June 18, 2024
Credit: Dennett Robertson

Eva Hanks, a distinguished figure in legal education, a pioneer for women in academia, and Rutgers Law School’s first woman law professor, passed away on June 12, 2024 at the age of 95. Her career spanned over five decades, leaving an indelible mark on Rutgers Law School and the broader legal profession.

Born in Berlin, Germany to Jewish and Christian parents, Hanks survived the harrowing years of Nazi Germany, an experience that shaped her resilience and determination. After World War II, she earned a law degree from the Free University of Berlin before immigrating to the United States. She went on to earn a JD from UCLA Law School and an LLM and JSD from Columbia Law School.

In 1960, Hanks began her career as an associate in law at Columbia Law School. Two years later, she made history as the first woman law professor at Rutgers Law School.

“As the first woman on the faculty at Rutgers Law School in 1962, Professor Eva Hanks was a trailblazer who paved the way for many other female faculty to follow in her footsteps,” says Rutgers Law School Dean Johanna Bond. “In fact, she played a pivotal role in bringing the second woman to the Rutgers Law faculty, Justice Ruth Bader Ginsburg.” Reflecting on this time, Justice Ginsburg remarked that Rutgers was “surely ahead of the pack,” adding that Hanks was “a great and good friend, tipping me off to the ways of the brethren here, much as Sandra Day O’Connor did when I was new on the Supreme Court.”

Hanks’ tenure at Rutgers Law was transformative, not only for her pioneering role but also for her influence in shaping the academic environment and helping women gain acceptance in the legal academy. "She did indeed provide years of very able and dedicated service to Rutgers Law School," remarked Professor Emeritus Norman Cantor.

Professor Hanks in 1963

With Hanks’ legacy leading the way, Rutgers Law has remained committed to the advancement of women in law. Today, more than 60 percent of its faculty is comprised of women, and the 2023-2024 academic year saw the most women enrolled in the school’s history—about 59 percent of Rutgers Law’s more than 400 full-time and part-time students were women.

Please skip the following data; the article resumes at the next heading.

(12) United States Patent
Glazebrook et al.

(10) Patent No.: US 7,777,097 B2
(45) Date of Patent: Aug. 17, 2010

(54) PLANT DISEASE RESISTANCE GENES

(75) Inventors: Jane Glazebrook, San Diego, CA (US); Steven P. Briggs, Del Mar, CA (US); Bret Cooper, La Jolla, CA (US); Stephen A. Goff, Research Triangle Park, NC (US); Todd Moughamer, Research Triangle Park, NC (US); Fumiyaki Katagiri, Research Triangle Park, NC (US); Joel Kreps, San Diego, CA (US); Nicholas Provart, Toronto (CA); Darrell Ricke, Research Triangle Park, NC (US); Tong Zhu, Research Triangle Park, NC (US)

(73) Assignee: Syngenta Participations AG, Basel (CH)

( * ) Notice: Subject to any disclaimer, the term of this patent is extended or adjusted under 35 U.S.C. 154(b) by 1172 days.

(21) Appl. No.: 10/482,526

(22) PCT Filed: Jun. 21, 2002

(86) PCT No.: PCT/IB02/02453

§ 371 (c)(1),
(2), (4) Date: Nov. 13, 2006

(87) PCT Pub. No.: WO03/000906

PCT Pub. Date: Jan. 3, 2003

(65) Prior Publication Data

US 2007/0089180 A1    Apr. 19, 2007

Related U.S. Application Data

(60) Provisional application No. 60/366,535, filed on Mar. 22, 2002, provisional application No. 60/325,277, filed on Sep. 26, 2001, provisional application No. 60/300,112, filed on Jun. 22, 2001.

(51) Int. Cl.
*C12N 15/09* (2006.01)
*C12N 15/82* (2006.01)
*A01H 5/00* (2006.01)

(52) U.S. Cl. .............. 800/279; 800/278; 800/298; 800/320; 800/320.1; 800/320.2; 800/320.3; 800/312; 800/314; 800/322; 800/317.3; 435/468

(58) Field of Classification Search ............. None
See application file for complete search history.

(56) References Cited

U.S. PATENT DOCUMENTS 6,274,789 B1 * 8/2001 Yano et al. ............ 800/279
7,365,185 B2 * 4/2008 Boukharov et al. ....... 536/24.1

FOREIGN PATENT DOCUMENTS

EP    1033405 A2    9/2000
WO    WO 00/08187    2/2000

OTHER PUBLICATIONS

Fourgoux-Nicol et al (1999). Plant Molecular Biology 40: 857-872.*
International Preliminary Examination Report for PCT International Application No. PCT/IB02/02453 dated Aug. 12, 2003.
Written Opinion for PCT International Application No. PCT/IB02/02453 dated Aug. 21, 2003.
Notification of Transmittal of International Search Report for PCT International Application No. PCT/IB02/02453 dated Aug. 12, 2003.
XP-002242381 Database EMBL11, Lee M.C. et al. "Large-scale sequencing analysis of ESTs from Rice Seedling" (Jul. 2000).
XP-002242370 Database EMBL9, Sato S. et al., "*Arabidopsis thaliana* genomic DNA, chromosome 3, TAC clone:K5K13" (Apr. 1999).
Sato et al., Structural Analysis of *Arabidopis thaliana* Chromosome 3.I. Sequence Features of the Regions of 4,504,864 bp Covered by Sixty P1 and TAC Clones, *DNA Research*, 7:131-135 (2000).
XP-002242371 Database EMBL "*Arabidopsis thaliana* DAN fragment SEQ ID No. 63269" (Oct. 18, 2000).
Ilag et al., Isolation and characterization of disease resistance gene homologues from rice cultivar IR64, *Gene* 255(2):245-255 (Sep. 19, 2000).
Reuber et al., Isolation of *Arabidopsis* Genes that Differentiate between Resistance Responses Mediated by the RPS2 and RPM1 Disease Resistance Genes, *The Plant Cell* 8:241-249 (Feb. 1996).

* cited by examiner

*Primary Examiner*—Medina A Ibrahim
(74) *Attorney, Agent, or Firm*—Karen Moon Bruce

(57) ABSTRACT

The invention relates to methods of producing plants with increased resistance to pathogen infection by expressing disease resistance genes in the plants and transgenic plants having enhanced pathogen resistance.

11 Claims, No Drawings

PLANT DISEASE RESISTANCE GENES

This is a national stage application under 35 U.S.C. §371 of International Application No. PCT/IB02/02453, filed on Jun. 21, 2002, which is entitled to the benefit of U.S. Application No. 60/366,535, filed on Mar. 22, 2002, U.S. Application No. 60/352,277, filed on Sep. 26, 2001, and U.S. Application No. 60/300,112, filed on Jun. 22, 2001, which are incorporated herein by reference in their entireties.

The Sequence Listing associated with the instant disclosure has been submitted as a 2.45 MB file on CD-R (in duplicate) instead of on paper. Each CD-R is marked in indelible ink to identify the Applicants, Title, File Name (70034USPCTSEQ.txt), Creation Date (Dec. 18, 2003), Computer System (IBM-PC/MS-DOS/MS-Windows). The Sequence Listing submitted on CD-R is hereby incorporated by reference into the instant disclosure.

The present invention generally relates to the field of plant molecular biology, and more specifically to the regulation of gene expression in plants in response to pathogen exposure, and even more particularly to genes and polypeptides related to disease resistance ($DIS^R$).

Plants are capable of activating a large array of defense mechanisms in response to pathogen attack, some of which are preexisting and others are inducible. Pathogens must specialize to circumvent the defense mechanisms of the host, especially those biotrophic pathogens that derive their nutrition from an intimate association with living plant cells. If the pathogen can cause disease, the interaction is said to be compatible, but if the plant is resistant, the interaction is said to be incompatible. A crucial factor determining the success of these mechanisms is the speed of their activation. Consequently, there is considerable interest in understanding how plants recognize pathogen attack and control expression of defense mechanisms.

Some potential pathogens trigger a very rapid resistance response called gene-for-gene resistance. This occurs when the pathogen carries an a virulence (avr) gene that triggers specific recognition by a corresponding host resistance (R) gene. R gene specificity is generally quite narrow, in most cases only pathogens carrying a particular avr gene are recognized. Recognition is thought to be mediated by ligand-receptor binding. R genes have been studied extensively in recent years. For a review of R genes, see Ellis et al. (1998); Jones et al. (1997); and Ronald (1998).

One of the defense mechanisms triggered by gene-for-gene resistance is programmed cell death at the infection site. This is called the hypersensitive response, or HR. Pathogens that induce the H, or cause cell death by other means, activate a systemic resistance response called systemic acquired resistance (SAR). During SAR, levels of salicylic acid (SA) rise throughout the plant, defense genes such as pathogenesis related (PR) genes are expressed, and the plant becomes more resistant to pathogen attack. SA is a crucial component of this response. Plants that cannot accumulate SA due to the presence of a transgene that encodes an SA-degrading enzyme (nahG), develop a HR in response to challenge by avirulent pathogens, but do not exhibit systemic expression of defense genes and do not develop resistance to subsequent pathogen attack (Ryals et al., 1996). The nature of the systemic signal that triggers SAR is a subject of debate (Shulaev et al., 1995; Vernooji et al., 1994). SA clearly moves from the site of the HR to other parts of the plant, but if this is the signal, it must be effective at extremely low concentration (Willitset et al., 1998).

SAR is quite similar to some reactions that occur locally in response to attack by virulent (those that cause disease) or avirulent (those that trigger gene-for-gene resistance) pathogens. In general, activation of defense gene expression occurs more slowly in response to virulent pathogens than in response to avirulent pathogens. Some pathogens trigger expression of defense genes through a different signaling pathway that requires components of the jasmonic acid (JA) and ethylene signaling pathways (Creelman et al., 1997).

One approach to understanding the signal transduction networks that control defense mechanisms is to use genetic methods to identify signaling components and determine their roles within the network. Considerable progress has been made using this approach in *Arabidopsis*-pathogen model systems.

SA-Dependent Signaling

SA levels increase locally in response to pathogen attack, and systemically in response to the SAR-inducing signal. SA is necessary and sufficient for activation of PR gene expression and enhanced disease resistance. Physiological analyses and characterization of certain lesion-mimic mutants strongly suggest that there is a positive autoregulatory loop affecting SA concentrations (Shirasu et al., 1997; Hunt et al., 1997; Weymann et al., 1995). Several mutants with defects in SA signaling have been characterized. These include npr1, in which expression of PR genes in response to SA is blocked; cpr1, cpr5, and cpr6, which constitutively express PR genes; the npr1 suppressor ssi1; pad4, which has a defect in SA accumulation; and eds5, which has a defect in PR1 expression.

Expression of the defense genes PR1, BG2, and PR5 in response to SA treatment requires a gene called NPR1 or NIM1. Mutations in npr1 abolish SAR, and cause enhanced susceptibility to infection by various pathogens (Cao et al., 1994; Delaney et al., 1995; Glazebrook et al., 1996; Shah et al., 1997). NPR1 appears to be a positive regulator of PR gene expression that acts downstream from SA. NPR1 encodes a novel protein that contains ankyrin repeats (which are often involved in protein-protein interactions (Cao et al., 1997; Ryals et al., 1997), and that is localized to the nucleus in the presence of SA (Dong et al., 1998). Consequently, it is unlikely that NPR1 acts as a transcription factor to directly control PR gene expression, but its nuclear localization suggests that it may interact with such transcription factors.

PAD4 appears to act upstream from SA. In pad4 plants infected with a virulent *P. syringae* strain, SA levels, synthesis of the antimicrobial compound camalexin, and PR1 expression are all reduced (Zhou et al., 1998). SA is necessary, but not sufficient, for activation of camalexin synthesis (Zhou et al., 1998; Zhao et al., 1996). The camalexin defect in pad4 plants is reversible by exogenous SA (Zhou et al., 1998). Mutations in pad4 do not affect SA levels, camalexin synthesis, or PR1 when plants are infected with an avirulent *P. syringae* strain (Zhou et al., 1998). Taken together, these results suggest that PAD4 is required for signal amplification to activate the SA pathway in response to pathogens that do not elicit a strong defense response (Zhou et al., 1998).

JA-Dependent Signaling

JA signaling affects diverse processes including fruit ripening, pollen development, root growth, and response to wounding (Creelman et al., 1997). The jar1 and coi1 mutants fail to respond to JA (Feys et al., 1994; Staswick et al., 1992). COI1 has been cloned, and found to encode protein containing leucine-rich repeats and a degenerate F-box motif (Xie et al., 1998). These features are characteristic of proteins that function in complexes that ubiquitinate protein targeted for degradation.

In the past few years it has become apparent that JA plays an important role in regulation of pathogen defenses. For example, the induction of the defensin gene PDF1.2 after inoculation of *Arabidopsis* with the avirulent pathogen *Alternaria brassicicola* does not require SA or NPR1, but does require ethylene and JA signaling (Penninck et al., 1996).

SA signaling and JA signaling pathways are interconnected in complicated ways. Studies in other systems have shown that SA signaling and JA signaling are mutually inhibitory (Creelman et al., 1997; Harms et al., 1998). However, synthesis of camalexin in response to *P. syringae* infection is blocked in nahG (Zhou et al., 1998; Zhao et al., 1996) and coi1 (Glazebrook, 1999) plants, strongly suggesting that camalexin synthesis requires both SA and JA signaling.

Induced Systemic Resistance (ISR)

Hanks went on to teach at Princeton University, Indiana University, and New York University, before joining the founding faculty of Cardozo Law School in 1976, where she remained until her retirement in 2014. As Rutgers Law Professor Emeritus Paul Tractenberg notes, "She was a powerful figure in the legal academy for more than 50 years."

Hanks’ impact extended into the realm of environmental law, a field she helped define from its inception in the 1970s. Recognizing the burgeoning importance of environmental issues, Hanks cultivated expertise in the field of water rights and later co-authored the seminal casebook Environmental Law and Policy with Dan Tarlock and her husband, John Hanks. This work was one of the very first casebooks dedicated to environmental law and policy, and is considered a foundational, field-defining text.

Professor Hanks in 1967

In 1994, she published Elements of Law, a collaboration with Michael Herz and Steven Nemerson. This influential work continues to serve as a cornerstone for law students across the country, aimed at cultivating the analytical, interpretive, and advocacy skills crucial for both legal education and practice.

Colleagues and students alike remember Hanks not only for her intellectual prowess but also for her dedication as an educator. Formidable and demanding in the classroom, Hanks cared deeply for her students and was completely dedicated to their success. In her later years, she held office hours in the student lounge, and could often be spotted surrounded by students lucky enough to benefit from her guidance and wisdom.

Hanks leaves an enduring imprint on legal education, environmental law, and the advancement of women in academia. In remembering and honoring Hanks, we celebrate not only her achievements but also her unwavering commitment to justice, education, and the transformative power of the law. Her legacy will continue to inspire and resonate within the halls of Rutgers Law School and beyond.

Rutgers Law Media Contact:
Shanida Carter

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